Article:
The commit history on my git repo for the reconstruction shows that I first hit the problematic loop for which I was unable to write C code that would exactly match the game’s opcodes on 29th March. It’s the end of August and I finally figured it out. Everything works now, there were a couple of divergences which were easy to tweak into 100% matching code. It’s actually eerie watching mzdiff display no skips and large swaths of exactly equal instructions, with only the occasional offset difference in orange.

So, did I just “waste” 5 months? No, I don’t think so. I learned a lot about how the compiler works and got a feel for the flow of opcodes and how they map to C code. I can now write easier conditions or loops as I read them. I can tell optimized from unoptimized code at a glance. It was extremely frustrating for a while, but the sense of satisfaction I got from finally finding the magic flag that somebody forgot to disable before making the final build is proportionally exhilarating. I managed to uncover a cool fact about the game, and it being built in debug mode means the instructions will be likely easier to follow.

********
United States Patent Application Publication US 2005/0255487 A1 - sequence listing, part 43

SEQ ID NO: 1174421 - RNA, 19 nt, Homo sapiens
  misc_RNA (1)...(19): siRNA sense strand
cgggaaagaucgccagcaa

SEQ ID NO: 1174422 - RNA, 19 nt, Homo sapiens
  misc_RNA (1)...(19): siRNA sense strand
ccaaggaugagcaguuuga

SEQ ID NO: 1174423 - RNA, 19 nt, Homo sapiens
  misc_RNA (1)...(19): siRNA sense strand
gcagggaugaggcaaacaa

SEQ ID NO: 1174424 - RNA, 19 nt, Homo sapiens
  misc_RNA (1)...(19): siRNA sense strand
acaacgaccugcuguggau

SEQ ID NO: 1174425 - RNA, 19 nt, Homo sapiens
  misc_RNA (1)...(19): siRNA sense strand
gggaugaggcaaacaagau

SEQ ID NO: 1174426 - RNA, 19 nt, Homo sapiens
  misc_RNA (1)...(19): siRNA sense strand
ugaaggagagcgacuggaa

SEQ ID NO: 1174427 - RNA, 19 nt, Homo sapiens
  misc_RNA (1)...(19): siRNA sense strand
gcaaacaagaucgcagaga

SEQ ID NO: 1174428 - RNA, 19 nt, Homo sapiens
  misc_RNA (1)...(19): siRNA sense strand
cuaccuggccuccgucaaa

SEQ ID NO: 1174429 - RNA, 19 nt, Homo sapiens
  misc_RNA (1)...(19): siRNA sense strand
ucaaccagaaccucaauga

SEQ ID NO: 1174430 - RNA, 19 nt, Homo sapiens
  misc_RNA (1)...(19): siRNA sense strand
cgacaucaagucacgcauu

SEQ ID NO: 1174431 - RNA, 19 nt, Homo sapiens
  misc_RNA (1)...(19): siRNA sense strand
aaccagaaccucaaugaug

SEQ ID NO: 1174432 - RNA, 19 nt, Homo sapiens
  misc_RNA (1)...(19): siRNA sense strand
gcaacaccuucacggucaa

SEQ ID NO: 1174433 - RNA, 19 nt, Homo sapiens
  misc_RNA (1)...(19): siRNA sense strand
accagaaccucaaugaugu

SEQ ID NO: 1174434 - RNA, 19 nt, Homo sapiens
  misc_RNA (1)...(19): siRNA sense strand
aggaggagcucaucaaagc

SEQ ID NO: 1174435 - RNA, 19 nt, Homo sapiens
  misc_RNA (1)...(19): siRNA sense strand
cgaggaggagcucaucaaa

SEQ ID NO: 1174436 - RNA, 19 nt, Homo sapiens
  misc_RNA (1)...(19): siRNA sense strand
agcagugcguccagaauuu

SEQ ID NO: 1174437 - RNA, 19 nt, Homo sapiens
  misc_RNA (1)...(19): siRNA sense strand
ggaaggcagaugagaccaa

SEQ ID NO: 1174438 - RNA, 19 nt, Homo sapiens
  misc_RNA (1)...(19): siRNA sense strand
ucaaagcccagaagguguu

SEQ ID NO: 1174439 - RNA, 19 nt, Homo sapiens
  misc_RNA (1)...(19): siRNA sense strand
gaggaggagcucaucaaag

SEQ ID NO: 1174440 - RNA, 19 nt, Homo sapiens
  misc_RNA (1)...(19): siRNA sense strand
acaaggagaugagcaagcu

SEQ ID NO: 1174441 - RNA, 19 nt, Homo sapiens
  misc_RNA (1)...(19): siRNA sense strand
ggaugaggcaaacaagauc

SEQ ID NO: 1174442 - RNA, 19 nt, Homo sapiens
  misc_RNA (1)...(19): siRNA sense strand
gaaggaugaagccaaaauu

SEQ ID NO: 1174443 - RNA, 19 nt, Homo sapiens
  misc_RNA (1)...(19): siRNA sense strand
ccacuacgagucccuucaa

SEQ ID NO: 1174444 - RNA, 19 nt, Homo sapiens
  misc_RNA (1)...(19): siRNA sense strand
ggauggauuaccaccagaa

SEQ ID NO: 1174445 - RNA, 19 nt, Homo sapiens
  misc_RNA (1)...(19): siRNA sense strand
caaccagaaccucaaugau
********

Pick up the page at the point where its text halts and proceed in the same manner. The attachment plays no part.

It’s my own fault really for not RTFM’ing more carefully and assuming only the /O options could influence optimizations, but you have to admit that the option descriptions in the output of the compiler are misleading, to put it mildly. I recall searching the manual for all occurences of “optimization” at some point, but this is a scanned document and text search does not always work on it. Or maybe it did find the occurence, but I glossed over it after seeing “symbols”? Well, no point in wondering now. The project is back on track, I’m churning out functions like mad. I’m looking forward to being done with START.EXE and moving onto EGAME.EXE in the near future.